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Professor Phifer-Rixey Presents Research at National Conference

Rixey National ConferenceMegan Phifer-Rixey, Ph.D., an evolutionary biologist and Assistant Professor in the Biology department, presented as part of the Evolution Symposium at the 2019 National Association of Biology Teachers (NABT) Conference, on Nov. 14-17 in Chicago. 

Phifer-Rixey presented her research, including a collaboration with John Tiedemann, Assistant Dean of the School of Science, to an assembly of biology teachers. Her talk focused on the use of genetic markers to identify the source populations of the migratory Striped Bass, from both off-shore and near-shore areas.

The project used DNA analysis to identify the stock-specific origin of Striped Bass in Ocean County, to determine the contribution of individual stocks. 

Tiedemann started the project and worked with the Berkley Stripers Club, a local fishing club, that is focused on fishing along the beaches of Ocean County, which inspired his decision to research where the Striped Bass that are harvested in the fall originate. 

The club supported the research and contributed fin clips. Tiedemann explained that “The fin clips are brought back to the lab to extract the DNA. We can analyze the DNA isolated from the fish to match it to a library of DNA fingerprints that identify the spawning grounds.”  

Phifer-Rixey said, “We started doing the work in my lab in 2018 through the Summer Research Program. I thought this was a good fit because students were able to learn how to do molecular genetics.” 

The project allowed for collaborative research within the Biology department. Tiedemann said, “It was a cool project because my students in the Marine and Environmental Policy Program are interested in the fisheries side of it, and Phifer-Rixey’s students are learning all these laboratory techniques to do DNA analysis.”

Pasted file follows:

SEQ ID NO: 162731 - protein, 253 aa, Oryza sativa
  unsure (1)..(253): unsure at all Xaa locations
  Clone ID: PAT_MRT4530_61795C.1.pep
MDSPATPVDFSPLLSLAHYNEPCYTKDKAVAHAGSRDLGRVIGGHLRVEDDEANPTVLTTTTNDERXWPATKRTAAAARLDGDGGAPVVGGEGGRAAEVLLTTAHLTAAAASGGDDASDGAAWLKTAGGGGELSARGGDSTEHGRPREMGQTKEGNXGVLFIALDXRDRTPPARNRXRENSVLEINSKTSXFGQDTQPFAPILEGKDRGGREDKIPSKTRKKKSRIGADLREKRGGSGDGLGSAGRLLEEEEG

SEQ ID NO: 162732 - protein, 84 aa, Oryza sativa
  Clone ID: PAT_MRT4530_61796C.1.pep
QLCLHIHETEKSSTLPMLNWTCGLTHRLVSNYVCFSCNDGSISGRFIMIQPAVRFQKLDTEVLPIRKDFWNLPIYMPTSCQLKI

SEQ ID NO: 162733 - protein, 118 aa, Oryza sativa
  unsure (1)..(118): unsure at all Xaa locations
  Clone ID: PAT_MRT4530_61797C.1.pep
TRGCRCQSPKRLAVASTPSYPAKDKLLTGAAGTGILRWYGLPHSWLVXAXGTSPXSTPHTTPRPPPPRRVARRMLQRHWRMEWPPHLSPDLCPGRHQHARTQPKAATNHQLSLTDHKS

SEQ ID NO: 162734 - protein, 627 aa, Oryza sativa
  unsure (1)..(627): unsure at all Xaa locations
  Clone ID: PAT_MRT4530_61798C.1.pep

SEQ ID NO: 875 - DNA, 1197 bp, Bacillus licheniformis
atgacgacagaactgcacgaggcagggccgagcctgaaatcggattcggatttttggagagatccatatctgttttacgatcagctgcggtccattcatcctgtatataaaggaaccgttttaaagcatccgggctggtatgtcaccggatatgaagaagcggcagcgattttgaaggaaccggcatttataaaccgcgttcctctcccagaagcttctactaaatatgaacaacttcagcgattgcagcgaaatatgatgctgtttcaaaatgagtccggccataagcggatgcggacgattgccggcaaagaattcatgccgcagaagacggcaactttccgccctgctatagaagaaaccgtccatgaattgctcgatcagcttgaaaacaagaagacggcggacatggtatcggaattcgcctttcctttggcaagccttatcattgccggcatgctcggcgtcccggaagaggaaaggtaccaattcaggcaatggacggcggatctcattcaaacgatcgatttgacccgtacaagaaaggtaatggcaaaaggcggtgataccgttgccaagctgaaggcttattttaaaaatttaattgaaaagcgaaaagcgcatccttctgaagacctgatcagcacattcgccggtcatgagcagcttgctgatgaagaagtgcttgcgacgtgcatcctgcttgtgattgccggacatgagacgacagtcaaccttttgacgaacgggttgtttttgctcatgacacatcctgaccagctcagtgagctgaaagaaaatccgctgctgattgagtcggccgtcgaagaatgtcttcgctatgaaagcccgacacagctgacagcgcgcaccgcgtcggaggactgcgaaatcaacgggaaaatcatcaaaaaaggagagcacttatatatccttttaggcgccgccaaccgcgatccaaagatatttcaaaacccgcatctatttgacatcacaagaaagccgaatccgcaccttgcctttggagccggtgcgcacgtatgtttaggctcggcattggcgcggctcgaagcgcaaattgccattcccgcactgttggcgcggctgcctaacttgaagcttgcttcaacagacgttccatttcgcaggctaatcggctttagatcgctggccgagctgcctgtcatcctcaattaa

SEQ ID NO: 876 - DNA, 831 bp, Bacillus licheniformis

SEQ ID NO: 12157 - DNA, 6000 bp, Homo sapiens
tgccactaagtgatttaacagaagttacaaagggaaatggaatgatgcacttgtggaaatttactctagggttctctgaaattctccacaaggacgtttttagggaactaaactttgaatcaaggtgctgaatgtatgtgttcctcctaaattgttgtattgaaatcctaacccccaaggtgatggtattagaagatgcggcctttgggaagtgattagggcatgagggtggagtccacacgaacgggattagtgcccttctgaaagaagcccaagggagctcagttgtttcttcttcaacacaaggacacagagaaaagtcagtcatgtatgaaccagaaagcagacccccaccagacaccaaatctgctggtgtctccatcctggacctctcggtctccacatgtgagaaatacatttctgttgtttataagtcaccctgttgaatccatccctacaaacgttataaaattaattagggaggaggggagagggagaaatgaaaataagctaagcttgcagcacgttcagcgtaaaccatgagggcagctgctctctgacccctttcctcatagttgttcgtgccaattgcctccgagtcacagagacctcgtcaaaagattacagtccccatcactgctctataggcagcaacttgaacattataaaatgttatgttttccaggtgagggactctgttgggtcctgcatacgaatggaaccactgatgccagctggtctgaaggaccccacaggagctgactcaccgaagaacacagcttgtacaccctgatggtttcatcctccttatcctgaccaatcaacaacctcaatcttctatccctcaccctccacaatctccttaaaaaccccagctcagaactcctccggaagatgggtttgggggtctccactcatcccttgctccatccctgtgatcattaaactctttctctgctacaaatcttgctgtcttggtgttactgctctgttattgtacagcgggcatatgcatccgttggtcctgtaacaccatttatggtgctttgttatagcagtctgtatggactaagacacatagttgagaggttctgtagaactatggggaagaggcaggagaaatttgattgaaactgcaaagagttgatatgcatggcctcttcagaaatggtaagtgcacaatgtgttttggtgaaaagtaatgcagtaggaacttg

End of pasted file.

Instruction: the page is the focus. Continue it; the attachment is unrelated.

My students worked with the club to get the fin clips and delivered them to [Phifer-Rixey and her students] to do the analysis,” he continued.

Phifer-Rixey explained that the most powerful aspect of this research is the use of genetic information to better inform management. “When the Federal Government makes decisions about catch limits and size limits, research like this helps [policymakers] determine what strategies are going to be.” 

“The key with a fishery like this is because it involves so many locations there needs to be engagement across the region,” Phifer-Rixey said.

Spawning grounds are all over the place with the most common being the Chesapeake Bay, Delaware River and Hudson River. 

Through the National Science Foundation (NSF), which has a program where they pay a stipend for high school teachers to come into research labs, with the goal of bringing research skills back to their students, two high school teachers were able to work with Phifer-Rixey in the summers of 2018 and 2019.  

Phifer-Rixey’s research is part of Tiedemann’s broader research agenda. His program, “Stripers for the Future,” a research and education campaign, is designed to educate Striped Bass anglers about biology, ecology and conservation.

PHOTO COURTESY of Monmouth University

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